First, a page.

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Largest study into respiratory illness in childhood

Professor Mike Silverman is using a magnetic resonance technique in a study of childhood respiratory illness.

Largest study into respiratory illness in childhood

Leicester Medical School collaborates with Nottingham University to study links between childhood respiratory disease and later degenerative lung disease (COPD).

Professor Mike Silverman, Department of Infection, Immunity & Inflammation, and colleagues at Leicester and Nottingham, are collaborating to use a magnetic resonance technique to image and quantify the air spaces inside the lungs in a project funded by the Wellcome Trust. The results of their research may lead to a link between childhood disease and later degenerative lung disease (COPD).

There are relatively few centres around the world which have access to this particular magnetic resonance technique, based in Nottingham University. Leicester researchers have recruited cohorts of some 10,000 children – the largest to focus on respiratory illnesses in childhood.

Their method relies on the fact that certain noble gases (which are relatively rare in the atmosphere and are very un-reactive), when hyperpolarized in a very strong laser beam, can be detected by magnetic resonance methods.

Tests involve individuals inhaling a very small quantity (in this case 10ml or two teaspoons) of the hyper-polarized helium-3 gas. This technique provides the key to unlock a whole new area of research in the field of lung development.

This is quite different from the magnetic resonance scans that are now commonplace in British hospitals. However, all magnetic resonance techniques function without the use of radioactive substances or ionising radiation (as is the case with x-ray techniques). They are thus very safe, have no known side effects and are ideal for research into childhood illness.

Professor Silverman commented: “Leicester’s role has been to provide the clinical and developmental research questions and a population of children and young people on whom a lot of data has been collected since early infancy. Leicester has also provided a group of researchers with experience of paediatric projects, and of lung function measurements in infants and children of all ages.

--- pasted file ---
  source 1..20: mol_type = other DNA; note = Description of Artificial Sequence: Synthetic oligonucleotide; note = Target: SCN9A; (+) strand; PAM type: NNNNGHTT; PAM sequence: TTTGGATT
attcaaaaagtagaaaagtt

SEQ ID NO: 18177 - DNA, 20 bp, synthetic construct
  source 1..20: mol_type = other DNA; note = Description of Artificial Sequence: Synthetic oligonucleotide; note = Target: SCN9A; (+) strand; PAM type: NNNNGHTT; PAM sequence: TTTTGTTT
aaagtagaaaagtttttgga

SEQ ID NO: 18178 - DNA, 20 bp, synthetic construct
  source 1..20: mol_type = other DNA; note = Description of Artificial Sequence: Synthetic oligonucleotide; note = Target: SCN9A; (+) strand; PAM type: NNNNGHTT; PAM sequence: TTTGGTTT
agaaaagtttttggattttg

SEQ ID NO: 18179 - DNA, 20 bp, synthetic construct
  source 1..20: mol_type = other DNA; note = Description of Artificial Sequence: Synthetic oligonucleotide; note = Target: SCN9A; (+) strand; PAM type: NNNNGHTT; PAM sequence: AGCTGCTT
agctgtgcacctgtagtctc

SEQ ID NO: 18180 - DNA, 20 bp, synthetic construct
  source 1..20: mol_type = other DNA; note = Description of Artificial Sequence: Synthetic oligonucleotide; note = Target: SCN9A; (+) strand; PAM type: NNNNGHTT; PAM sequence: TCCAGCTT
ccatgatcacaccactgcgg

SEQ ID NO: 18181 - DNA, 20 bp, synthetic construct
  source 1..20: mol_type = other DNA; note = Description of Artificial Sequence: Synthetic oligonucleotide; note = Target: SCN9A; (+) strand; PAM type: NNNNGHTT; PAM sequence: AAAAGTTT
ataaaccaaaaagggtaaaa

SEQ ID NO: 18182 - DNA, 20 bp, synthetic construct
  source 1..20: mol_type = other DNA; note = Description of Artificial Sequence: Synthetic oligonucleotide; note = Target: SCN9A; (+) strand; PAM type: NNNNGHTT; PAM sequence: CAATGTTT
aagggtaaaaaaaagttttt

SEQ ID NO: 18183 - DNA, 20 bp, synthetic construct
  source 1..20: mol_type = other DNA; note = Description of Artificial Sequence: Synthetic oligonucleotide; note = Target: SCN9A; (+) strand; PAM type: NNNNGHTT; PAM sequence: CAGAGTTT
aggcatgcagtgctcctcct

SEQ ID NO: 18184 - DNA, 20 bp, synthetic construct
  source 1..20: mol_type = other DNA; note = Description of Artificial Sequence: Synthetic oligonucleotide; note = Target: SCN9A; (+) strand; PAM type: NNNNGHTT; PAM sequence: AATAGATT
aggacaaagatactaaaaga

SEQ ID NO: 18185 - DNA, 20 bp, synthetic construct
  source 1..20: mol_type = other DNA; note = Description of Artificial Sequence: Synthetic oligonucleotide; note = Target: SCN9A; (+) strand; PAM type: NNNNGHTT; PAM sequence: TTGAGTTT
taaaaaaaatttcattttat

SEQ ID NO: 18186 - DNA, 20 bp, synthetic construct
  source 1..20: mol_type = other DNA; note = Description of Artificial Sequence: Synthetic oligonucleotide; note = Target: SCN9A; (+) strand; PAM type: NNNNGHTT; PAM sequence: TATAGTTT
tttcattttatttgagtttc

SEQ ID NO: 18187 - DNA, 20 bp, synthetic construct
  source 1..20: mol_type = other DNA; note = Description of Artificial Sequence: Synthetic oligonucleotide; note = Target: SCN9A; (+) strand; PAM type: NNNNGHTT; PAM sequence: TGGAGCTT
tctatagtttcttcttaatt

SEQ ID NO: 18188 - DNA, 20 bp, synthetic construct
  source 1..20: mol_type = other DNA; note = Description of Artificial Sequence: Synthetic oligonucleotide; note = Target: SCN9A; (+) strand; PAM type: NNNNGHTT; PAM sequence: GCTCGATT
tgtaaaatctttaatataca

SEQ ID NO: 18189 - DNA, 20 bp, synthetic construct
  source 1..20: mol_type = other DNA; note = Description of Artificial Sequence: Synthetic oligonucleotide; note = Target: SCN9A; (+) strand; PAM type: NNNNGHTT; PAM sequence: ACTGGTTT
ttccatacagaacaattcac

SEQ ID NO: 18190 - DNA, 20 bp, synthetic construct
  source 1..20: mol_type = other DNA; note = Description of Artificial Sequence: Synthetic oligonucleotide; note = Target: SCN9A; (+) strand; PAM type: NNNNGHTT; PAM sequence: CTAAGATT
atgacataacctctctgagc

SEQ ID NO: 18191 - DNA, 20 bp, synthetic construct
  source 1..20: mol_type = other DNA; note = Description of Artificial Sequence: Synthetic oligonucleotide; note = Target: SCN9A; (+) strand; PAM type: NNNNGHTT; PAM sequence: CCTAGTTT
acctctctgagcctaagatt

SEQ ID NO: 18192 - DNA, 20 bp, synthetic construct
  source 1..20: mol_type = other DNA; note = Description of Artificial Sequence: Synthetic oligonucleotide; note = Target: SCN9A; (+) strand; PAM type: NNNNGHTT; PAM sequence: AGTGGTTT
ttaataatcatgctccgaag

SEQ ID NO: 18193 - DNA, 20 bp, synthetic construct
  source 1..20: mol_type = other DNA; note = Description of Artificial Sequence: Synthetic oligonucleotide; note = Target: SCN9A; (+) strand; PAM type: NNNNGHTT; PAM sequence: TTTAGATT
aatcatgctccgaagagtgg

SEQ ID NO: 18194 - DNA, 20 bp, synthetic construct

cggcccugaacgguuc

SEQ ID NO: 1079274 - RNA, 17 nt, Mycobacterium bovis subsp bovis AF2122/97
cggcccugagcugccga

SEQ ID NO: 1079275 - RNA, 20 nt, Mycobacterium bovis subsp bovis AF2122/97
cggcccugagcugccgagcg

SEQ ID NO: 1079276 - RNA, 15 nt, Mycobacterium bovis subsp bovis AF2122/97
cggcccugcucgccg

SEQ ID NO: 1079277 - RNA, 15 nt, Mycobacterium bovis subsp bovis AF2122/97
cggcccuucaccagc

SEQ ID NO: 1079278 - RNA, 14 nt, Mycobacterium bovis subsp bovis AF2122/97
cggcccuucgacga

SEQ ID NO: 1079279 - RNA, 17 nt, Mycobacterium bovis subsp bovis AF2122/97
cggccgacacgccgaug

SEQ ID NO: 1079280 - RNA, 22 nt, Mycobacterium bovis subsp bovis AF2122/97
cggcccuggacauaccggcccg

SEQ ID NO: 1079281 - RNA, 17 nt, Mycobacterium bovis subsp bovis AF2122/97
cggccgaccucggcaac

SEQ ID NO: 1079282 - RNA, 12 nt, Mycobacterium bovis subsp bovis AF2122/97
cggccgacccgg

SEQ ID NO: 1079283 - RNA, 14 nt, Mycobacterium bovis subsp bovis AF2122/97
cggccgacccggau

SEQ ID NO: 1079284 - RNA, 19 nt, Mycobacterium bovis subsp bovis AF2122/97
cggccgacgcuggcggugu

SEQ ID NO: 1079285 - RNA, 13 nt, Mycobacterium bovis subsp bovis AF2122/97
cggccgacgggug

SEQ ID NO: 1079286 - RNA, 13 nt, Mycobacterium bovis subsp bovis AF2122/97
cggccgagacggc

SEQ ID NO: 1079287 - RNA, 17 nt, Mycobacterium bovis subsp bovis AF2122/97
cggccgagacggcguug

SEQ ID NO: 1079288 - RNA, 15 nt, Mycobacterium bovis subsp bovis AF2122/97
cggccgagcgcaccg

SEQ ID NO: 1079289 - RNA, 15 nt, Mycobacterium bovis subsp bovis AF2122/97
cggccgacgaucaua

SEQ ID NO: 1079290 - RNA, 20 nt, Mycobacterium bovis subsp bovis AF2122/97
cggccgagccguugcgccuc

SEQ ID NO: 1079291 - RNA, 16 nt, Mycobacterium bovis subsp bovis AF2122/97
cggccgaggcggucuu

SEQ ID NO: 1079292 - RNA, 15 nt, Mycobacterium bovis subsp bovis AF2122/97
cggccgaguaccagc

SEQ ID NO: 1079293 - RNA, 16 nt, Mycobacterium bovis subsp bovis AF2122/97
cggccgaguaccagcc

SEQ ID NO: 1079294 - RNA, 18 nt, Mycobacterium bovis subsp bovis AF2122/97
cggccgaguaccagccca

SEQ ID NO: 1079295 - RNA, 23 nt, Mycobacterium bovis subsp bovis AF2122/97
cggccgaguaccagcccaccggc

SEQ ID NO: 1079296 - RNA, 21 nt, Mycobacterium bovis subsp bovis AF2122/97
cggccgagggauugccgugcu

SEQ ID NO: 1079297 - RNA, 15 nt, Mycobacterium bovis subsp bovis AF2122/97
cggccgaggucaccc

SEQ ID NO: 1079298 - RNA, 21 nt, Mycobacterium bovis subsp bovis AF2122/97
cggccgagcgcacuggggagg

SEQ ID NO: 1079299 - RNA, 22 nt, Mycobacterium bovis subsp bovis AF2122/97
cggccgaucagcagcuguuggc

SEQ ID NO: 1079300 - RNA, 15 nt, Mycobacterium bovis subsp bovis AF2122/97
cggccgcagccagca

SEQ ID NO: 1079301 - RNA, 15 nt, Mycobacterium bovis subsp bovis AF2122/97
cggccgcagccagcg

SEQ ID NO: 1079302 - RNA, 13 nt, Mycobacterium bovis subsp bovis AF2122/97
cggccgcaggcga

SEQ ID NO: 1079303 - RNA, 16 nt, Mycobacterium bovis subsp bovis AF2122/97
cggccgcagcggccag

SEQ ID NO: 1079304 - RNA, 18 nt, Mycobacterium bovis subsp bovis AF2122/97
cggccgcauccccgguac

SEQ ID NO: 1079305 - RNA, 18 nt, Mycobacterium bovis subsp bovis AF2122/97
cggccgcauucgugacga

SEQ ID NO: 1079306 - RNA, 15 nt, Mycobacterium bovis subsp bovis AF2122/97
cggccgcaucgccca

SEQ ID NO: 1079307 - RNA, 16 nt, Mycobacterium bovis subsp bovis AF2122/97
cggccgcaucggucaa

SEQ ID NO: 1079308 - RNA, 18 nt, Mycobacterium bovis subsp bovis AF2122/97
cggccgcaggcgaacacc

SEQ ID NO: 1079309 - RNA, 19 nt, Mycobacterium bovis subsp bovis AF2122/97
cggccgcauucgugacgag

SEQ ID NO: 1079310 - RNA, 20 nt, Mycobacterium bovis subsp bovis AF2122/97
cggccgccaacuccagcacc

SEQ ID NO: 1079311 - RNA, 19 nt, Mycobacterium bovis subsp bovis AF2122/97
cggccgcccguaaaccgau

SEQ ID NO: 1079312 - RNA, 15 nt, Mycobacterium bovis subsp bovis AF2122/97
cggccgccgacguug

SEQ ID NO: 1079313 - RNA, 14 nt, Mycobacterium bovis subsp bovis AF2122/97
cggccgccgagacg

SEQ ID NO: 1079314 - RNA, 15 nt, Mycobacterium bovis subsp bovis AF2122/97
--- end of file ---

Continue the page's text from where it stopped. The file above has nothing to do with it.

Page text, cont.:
“This combined with the technical expertise of the group in the Department of Physics & Astronomy at Nottingham University, led by Professor John Owers-Bradley, has created a very powerful partnership.

“The outcome that we are seeking is evidence that in young people and teenagers, there are differences in alveolar structure and number in association with disorders of fetal prenatal development and early childhood disease.

“We anticipate that there is an additional impact of teenage smoking on alveolar structure and function. If these observations are confirmed, they would provide for the first time evidence of impaired alveolar (as opposed to airway) development in childhood.

“This could be the link between childhood disease and later degenerative lung disease (COPD). We will then seek the specific factors (genetic or environmental) which lead to defective lung development, and will propose further research to ameliorate these factors.”

This article originally appeared in the Spring 2008 edition of LeicesterMed, which you can read online by clicking here .

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